Politico

How the Jan. 6 panel's star witness drew a roadmap for Trump’s culpability


The Jan. 6 select committee made a big bet on Cassidy Hutchinson. She delivered on Tuesday — and then some.

With what may prove the most damning testimony about a sitting president’s actions in American history, the former right hand of ex-White House chief of staff Mark Meadows stitched together every element of the panel’s case against Donald Trump. The Capitol riot committee has painted the former president’s potential criminal culpability for his effort to overturn the election in stark hues: investigators have portrayed Trump fuming atop an increasingly conspiracy-addled West Wing and working to corrupt the peaceful transfer of power at any cost.

Yet it was their sixth hearing that most clearly cast Trump as a uniquely pernicious force, thanks to a soft-spoken but bell-clear witness.

“I was disgusted,” Hutchinson said of Trump’s behavior on Jan. 6, particularly after he tweeted an attack on Mike Pence as the then-vice president was fleeing rioters who’d called for his execution. “It was unpatriotic. It was un-American. We were watching the Capitol building get defaced over a lie.”

Hutchinson wasn’t a household name before Tuesday, but it seems unlikely she’ll remain in obscurity. While Trump and his allies rejected her assertions as “hearsay” or, in Trump’s case, simply false, the former president’s allies have offered limited pushback so far to any of the specific evidence and recollections she presented. And much of what she described has been corroborated by others.

Among her recollections, part of a succession of shocking details from inside the White House:

  • Trump was informed that members of the crowd during the “Stop the Steal” rally by his supporters on Jan. 6, 2021, carried weapons. He asked the Secret Service to dismantle metal detectors to let them into the Ellipse so his audience looked larger. Those rallygoers would later march to the Capitol and mount a violent siege aimed at disrupting Congress’ certification of Trump’s loss.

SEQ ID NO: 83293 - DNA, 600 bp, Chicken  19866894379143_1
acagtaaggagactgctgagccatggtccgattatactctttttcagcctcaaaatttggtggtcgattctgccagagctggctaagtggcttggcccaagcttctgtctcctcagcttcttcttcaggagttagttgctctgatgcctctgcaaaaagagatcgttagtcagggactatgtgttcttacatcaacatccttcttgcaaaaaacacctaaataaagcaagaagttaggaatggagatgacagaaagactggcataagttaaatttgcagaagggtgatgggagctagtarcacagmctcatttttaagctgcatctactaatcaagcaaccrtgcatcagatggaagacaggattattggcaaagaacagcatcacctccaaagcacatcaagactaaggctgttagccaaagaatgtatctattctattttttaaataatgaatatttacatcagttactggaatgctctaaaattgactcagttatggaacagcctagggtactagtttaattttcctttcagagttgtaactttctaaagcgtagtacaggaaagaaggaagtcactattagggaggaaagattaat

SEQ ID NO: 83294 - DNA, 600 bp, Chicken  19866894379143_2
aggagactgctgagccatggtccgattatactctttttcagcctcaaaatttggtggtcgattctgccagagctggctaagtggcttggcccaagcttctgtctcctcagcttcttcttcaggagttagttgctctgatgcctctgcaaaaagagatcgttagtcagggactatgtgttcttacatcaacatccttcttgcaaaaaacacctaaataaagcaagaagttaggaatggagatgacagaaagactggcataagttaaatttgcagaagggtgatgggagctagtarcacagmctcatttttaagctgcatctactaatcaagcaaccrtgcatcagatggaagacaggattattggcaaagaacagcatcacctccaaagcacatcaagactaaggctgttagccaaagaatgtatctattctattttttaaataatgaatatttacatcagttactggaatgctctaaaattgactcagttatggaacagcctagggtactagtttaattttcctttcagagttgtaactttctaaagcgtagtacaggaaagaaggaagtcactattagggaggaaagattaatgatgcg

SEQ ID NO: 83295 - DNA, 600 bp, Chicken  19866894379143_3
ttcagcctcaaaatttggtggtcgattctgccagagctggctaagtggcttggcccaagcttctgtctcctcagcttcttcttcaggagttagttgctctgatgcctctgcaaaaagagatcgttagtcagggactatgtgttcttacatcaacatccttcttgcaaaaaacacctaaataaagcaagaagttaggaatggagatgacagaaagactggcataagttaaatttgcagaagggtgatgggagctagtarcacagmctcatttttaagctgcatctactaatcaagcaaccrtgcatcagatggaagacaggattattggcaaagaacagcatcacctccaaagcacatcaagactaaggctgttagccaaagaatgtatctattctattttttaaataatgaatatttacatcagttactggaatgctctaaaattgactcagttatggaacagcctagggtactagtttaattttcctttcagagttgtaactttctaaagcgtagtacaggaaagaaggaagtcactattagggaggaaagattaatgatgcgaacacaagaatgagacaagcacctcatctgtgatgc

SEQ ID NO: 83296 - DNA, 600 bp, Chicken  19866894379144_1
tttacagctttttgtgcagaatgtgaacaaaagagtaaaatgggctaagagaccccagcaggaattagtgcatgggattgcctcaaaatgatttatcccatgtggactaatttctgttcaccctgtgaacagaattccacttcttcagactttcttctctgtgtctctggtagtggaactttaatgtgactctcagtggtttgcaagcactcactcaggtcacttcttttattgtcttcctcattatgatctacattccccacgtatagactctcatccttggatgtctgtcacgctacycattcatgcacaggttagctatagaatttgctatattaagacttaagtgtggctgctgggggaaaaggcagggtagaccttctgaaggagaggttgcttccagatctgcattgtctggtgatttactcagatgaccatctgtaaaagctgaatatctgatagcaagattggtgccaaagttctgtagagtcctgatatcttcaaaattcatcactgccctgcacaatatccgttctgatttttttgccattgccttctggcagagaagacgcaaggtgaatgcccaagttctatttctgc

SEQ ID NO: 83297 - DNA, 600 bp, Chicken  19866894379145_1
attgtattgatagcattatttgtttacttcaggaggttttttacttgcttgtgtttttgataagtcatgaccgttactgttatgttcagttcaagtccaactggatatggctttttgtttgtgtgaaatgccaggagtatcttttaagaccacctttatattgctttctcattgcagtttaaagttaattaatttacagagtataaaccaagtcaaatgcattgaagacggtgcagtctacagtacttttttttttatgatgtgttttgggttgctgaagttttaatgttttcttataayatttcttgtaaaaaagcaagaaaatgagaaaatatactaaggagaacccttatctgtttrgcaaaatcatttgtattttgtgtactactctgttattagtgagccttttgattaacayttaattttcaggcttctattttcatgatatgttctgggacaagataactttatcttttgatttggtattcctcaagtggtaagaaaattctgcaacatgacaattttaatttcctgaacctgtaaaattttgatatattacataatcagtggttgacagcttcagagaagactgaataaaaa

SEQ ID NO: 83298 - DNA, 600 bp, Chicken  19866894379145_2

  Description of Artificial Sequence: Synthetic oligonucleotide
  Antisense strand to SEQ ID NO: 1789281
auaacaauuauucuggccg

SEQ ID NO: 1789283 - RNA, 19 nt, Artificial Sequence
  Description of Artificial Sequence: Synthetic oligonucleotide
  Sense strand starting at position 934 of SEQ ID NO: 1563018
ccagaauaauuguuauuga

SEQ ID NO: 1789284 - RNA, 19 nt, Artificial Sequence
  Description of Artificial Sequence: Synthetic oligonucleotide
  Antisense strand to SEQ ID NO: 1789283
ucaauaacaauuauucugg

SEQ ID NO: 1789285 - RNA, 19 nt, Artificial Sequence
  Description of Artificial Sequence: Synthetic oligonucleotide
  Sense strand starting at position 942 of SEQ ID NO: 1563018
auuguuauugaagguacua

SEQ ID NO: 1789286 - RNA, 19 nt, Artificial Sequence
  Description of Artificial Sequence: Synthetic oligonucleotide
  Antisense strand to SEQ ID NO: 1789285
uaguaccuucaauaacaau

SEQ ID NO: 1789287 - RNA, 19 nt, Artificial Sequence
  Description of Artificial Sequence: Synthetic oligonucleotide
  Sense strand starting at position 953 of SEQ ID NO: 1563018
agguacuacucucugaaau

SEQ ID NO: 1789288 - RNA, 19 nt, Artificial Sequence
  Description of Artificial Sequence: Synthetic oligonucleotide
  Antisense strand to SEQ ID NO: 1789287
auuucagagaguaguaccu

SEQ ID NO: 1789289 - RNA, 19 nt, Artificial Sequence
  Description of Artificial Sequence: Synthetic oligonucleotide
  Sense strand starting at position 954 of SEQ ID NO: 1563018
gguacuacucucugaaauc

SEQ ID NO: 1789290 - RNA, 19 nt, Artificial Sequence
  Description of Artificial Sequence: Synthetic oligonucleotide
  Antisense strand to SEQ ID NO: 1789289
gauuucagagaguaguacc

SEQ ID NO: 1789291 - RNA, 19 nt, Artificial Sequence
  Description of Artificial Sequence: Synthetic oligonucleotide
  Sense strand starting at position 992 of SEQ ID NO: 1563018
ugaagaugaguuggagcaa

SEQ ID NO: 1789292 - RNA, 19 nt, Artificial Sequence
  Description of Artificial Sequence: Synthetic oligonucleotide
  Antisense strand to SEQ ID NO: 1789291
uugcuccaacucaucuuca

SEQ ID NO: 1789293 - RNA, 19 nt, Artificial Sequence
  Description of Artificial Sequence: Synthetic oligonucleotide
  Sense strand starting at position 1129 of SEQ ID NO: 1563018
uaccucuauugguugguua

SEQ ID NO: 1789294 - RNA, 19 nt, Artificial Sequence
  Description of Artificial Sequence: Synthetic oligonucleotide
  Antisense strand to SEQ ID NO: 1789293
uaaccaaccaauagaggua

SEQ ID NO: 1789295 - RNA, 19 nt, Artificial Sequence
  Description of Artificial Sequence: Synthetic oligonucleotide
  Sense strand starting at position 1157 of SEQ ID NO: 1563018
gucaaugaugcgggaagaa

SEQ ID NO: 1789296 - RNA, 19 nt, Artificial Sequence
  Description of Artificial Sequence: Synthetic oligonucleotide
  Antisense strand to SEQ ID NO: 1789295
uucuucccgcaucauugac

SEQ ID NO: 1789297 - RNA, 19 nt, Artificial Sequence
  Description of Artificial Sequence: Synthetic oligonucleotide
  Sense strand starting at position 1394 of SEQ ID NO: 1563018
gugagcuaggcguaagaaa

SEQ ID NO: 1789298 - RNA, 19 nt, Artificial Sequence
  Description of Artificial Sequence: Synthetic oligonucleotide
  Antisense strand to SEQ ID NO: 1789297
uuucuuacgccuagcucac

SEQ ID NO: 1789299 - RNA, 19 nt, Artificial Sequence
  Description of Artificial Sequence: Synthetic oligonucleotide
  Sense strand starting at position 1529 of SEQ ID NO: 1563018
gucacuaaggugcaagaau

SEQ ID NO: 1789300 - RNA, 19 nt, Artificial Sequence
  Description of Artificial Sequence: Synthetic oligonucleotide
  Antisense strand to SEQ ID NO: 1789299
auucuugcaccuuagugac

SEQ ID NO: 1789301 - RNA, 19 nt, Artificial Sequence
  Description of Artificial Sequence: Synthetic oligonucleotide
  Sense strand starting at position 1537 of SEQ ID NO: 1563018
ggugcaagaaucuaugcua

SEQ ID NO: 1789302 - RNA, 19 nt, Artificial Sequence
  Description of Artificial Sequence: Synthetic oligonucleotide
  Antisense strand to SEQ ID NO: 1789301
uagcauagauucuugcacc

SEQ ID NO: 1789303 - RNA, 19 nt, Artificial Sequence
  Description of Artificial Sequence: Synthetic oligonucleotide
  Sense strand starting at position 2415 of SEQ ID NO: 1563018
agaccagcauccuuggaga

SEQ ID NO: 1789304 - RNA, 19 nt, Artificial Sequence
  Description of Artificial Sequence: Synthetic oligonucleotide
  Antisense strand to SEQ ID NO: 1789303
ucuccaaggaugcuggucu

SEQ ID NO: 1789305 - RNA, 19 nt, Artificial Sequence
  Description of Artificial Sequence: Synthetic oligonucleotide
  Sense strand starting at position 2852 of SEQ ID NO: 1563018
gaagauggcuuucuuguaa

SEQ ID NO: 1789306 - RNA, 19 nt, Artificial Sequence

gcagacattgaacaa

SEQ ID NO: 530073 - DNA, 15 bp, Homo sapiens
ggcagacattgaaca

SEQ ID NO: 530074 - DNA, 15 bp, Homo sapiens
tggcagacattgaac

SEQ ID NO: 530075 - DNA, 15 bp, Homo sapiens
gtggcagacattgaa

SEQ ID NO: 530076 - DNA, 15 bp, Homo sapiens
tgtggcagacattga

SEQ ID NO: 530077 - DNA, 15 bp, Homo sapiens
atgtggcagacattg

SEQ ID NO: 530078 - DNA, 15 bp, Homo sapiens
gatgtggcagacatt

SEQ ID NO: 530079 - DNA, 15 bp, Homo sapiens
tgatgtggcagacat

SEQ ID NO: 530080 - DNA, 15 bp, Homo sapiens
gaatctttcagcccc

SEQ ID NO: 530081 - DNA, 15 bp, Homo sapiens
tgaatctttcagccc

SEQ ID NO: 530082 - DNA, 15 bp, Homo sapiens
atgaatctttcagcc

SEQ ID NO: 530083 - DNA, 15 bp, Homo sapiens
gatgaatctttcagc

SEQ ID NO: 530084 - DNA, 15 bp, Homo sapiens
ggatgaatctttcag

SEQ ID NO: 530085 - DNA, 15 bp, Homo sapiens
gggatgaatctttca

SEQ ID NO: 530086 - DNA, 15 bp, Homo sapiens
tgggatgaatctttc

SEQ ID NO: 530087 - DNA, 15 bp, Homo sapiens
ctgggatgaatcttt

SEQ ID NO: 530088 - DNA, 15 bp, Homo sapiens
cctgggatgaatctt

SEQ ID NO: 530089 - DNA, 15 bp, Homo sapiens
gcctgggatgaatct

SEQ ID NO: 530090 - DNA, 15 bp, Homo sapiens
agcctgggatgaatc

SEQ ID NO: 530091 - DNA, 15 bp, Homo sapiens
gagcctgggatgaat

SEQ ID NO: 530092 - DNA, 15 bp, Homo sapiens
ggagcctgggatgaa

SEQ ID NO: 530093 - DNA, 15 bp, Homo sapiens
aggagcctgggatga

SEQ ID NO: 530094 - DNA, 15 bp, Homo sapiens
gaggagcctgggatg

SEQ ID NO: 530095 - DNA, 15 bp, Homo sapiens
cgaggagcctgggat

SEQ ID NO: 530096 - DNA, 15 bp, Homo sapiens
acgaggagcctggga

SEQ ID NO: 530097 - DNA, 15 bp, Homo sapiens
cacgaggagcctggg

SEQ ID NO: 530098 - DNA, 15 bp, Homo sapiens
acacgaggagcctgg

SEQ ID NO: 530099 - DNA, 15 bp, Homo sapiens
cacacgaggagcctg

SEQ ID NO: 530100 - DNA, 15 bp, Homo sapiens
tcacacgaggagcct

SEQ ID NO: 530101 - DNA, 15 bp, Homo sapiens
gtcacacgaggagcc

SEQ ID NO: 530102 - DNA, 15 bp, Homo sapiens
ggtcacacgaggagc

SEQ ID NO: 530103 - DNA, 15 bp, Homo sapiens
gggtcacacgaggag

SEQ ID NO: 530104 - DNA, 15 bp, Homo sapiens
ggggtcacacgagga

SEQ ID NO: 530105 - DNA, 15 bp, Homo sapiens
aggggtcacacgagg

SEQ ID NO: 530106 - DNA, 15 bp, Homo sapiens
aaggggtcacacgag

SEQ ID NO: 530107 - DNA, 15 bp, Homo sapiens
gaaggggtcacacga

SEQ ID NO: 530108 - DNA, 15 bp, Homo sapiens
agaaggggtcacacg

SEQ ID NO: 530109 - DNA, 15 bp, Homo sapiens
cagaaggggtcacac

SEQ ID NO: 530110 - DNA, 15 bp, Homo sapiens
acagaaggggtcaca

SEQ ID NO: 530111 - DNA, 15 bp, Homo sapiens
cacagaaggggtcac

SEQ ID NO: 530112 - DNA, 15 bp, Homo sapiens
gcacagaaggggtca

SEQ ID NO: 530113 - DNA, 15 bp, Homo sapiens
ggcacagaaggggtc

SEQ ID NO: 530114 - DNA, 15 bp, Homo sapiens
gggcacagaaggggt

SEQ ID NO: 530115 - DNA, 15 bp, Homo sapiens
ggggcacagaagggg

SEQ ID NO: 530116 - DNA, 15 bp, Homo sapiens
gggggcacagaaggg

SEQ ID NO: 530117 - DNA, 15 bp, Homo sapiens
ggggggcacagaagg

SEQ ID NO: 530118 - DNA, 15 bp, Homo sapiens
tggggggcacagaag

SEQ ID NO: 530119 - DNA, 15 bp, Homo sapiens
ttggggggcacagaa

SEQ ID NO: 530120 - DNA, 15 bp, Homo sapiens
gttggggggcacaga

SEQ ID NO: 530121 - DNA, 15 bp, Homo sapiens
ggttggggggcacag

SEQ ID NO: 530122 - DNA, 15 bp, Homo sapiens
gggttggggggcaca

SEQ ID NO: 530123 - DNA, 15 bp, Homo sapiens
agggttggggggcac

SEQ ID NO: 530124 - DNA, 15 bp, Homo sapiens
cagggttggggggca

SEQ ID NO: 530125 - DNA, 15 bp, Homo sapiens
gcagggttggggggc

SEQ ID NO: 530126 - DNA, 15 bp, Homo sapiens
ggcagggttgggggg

• Trump lunged at the steering wheel of his presidential vehicle after he was informed that the Secret Service would not permit him to travel to the Capitol following his speech at that Ellipse rally.
  • Trump told aides that he agreed with those who had stormed the Capitol and thought they were right to call for Pence’s hanging.
  • Meadows and Trump lawyer Rudy Giuliani sought pardons from the then-president for their actions related to challenging the election.

Hutchinson shared her sworn narrative as federal prosecutors appear to be closing in on several of Trump’s top lieutenants in his effort to stay in power. FBI agents last week seized the cell phone of attorney John Eastman, who devised a Jan. 6 strategy to pressure Pence to overturn the election; they also searched the Lorton, Va., residence of Jeffrey Clark, a former Justice Department official whom Trump nearly appointed acting attorney general to aid his election subversion push.

Perhaps as notable as Hutchinson’s testimony was the absence of much substantive pushback from Republicans to her account of worry at the White House about a president determined to get to the Capitol on Jan. 6. A Twitter account for House Judiciary Committee Republicans mocked Hutchinson and described her testimony as “hearsay” and “a joke,” epitomizing the GOP’s Tuesday attempts to impugn her knowledge of Trump World.

After House Minority Leader Kevin McCarthy yanked his picks from the select panel following Speaker Nancy Pelosi’s veto of two of them as too close to the probe to credibly serve, the only Republicans able to question Hutchinson were two prominent Trump critics: Reps. Liz Cheney (R-Wyo.) and Adam Kinzinger (R-Ill.).